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Real estate leaders show no fear of overbuilding

Even in a surging office market, worries about overbuilding New York City office space persists, driven by the frenetic leasing activity of co-working spaces and the wealth of office buildings coming to the market.

According to mid-year statistics from Cushman & Wakefield, the office vacancy rate in Manhattan was at 8.8 percent. The figure represents the lowest since January 2009.

During the first six months of the year, the overall asking rent for office space in the borough also rose to $70.52 per s/f, an 8.8 percent increase year-over-year. The last time that asking rents stood above $70 per s/f was in November 2008.

However, the office market faces several threats. The momentum of shared workspace provider WeWork shows strong demand for incubator-style spaces.

According to August data from research firm CoStar, the company, which was recently valued at $10 billion, leased 549,438 s/f from January to June. The biggest WeWork lease involved six floors at 85 Broad Street, which used to be the headquarters for Goldman Sachs.

There is also the possibility that the economy and the job market may dry up in the next few years, thereby leaving developers with empty buildings.

What compounds this risk is that, according to CoStar, there is about 14.1 million s/f of office space expected to be built in Manhattan by 2019. The figure represents the highest for a five-year period since the early ‘90s.

Whether these are negligible hitches or warning signs depends on who you talk to, and most in the real estate industry are leaning towards the former.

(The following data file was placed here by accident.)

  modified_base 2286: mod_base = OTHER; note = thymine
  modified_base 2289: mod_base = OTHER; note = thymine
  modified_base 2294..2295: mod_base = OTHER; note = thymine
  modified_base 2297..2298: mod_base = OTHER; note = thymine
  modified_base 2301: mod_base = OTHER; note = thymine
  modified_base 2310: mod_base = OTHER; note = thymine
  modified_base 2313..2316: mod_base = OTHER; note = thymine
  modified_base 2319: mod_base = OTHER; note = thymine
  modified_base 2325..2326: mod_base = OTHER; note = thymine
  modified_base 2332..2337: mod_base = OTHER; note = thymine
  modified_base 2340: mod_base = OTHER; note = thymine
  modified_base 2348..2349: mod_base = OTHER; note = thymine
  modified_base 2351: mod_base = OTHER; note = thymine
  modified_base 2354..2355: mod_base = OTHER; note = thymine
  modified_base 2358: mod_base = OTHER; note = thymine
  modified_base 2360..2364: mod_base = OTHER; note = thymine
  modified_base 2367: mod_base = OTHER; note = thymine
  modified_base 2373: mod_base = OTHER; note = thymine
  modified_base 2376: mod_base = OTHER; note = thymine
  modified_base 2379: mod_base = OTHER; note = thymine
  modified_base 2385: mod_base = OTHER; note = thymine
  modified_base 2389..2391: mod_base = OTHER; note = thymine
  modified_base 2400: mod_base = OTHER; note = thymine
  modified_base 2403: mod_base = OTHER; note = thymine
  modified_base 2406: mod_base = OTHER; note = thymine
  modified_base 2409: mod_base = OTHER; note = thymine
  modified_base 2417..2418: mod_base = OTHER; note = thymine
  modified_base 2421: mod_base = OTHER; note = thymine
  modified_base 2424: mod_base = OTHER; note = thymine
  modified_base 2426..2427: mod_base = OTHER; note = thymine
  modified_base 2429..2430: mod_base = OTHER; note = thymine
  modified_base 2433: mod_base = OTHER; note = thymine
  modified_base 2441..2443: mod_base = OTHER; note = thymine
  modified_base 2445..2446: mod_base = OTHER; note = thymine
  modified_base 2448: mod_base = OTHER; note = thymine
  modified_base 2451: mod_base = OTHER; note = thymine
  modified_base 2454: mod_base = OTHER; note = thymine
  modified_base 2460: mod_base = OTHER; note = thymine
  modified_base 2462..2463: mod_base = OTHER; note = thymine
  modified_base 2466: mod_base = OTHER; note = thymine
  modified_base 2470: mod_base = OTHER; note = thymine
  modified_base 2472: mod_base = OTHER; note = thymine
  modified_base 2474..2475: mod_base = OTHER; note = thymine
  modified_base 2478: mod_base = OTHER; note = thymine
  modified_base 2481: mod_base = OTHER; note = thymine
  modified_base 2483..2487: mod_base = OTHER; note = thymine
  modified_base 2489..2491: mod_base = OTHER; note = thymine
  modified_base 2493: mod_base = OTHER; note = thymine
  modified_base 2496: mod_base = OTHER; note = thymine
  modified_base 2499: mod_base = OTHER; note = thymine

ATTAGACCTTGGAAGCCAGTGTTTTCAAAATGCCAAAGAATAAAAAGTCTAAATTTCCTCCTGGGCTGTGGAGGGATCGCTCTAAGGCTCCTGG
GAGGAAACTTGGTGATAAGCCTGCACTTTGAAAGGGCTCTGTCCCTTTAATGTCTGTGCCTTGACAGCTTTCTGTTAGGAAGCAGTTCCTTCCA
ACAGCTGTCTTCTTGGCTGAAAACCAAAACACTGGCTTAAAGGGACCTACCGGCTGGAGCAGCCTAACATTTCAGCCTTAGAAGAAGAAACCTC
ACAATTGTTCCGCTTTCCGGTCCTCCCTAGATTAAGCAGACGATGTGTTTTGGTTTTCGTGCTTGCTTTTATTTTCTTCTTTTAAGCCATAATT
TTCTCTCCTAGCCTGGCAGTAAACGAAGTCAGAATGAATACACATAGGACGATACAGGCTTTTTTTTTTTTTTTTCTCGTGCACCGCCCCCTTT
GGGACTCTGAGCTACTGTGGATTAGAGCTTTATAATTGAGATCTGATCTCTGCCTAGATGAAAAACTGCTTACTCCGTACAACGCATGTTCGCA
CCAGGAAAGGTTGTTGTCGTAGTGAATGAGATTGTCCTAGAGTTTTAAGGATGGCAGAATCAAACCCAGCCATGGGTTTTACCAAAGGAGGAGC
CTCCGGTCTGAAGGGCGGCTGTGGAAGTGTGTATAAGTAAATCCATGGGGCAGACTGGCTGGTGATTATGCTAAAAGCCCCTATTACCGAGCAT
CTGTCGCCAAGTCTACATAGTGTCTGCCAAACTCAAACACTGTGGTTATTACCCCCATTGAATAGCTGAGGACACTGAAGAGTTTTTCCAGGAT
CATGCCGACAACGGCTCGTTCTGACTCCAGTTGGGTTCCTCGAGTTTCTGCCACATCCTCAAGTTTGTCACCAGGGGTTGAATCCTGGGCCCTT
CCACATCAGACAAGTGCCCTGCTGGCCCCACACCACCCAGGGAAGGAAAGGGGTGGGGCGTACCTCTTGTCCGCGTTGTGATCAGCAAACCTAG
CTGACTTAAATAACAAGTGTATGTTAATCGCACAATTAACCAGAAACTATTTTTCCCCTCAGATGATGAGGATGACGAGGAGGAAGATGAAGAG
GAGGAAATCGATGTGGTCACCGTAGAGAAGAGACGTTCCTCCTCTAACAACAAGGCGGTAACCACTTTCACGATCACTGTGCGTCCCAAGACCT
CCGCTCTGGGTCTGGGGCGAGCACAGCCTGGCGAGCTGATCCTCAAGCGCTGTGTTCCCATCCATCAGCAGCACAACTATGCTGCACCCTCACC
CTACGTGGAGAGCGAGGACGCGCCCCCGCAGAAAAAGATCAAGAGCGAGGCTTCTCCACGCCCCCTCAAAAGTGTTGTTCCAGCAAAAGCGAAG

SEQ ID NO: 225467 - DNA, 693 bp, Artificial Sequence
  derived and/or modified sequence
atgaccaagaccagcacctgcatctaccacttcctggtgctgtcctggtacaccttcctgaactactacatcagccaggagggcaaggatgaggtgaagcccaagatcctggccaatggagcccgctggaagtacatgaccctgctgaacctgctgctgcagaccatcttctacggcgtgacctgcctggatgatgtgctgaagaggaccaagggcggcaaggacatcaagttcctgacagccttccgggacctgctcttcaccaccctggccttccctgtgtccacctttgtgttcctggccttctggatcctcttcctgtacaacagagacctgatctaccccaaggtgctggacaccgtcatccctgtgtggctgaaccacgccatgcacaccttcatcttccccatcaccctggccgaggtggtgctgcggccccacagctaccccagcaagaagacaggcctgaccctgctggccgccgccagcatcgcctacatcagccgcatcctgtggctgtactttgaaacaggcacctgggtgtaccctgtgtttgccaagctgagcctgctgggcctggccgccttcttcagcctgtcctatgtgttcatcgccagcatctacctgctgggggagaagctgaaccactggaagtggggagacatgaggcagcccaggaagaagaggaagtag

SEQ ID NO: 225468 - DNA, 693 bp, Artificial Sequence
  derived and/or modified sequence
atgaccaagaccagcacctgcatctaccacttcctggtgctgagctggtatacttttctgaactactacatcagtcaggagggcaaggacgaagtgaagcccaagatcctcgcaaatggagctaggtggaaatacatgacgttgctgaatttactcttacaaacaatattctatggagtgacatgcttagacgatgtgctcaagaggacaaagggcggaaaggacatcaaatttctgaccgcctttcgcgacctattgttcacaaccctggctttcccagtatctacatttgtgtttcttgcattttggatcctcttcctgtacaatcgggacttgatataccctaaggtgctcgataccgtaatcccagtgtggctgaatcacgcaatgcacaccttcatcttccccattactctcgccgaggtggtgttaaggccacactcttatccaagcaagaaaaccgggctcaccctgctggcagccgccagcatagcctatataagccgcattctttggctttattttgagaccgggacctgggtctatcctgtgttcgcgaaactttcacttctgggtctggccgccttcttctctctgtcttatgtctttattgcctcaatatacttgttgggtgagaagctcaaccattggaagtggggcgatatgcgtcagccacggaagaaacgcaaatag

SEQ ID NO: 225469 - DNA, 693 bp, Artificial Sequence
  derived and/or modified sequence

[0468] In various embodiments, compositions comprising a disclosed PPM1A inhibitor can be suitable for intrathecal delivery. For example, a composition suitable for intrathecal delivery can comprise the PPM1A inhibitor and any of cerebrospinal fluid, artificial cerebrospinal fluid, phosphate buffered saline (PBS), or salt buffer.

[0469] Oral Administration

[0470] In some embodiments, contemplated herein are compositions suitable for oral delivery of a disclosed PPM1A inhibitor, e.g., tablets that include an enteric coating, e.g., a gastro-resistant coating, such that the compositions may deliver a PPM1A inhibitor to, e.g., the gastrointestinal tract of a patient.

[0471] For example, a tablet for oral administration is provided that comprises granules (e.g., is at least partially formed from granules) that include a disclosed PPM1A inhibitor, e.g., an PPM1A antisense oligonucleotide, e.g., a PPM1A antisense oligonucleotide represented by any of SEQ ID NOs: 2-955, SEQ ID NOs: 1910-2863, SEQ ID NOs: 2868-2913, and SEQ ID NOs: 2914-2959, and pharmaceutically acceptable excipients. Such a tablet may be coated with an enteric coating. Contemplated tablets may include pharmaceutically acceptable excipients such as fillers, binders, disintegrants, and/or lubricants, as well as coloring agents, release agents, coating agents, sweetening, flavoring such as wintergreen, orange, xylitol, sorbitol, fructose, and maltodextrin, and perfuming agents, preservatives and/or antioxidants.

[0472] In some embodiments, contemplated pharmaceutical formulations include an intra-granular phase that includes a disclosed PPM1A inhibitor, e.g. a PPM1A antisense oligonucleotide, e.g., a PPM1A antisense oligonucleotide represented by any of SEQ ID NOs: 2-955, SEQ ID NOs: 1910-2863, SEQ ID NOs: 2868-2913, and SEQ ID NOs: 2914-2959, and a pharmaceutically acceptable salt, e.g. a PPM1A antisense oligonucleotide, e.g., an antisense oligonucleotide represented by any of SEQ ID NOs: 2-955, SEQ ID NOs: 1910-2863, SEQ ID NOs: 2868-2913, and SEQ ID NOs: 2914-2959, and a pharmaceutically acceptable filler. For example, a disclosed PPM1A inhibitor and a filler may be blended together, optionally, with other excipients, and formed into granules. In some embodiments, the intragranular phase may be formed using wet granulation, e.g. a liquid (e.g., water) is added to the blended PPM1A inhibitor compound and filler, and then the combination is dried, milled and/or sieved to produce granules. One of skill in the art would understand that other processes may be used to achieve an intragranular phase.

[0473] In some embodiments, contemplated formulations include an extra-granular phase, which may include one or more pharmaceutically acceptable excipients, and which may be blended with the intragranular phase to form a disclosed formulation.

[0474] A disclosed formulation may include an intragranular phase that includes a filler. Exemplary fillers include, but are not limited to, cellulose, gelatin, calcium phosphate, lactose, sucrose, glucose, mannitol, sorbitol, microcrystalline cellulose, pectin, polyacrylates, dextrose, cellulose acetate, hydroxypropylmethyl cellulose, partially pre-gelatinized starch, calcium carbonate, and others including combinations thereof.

“I think there is an enormous demand for far better designed office buildings. We don’t have enough,” David Levinson, the chairman and CEO of L&L Holding Company, said in a panel discussion during the REBNY Members’ Luncheon last week.

“Take a look at the traction outside Hudson Yards, that’s because people want well designed buildings. I think we have a long way to go… For me, you can continue to build quality, imaginative spaces. In a bad market, you’ll rent it, in a good market, you’ll get a premium.”

“It’s a different world order post-recession,” added Maryanne Gilmartin, the CEO and president of Forest City Ratner Companies.

“I also think we’ve been seeing an economy that’s fueled by job growth. There are definitely workers that are filling those buildings. The question of density, whether people are not going to go to work anymore, the spaces are dense. But what companies are doing to create communal experiences are also creating lots of amenities and creating areas where people can gather. That’s very different than just driving people to 150 s/f of space.”

Tim Callahan, the CEO of Callahan Capital Properties, also spoke on one of the real estate market’s newest cause for concern — densification.

“I think the growth is there, but this densification has held us back. When you go back to 2001, we were dealing with 1.3 million people and 16-17 million less square feet because of the densification. That’s just part of our business evolving,” he said.

While a weakened market may be in the cards, there are signs that it won’t come soon.

According to Cushman & Wakefield data from August, investments sales in the city are expected to reach $75.6 billion this year, which would represent a 22 percent increase from the previous record set in 2007.

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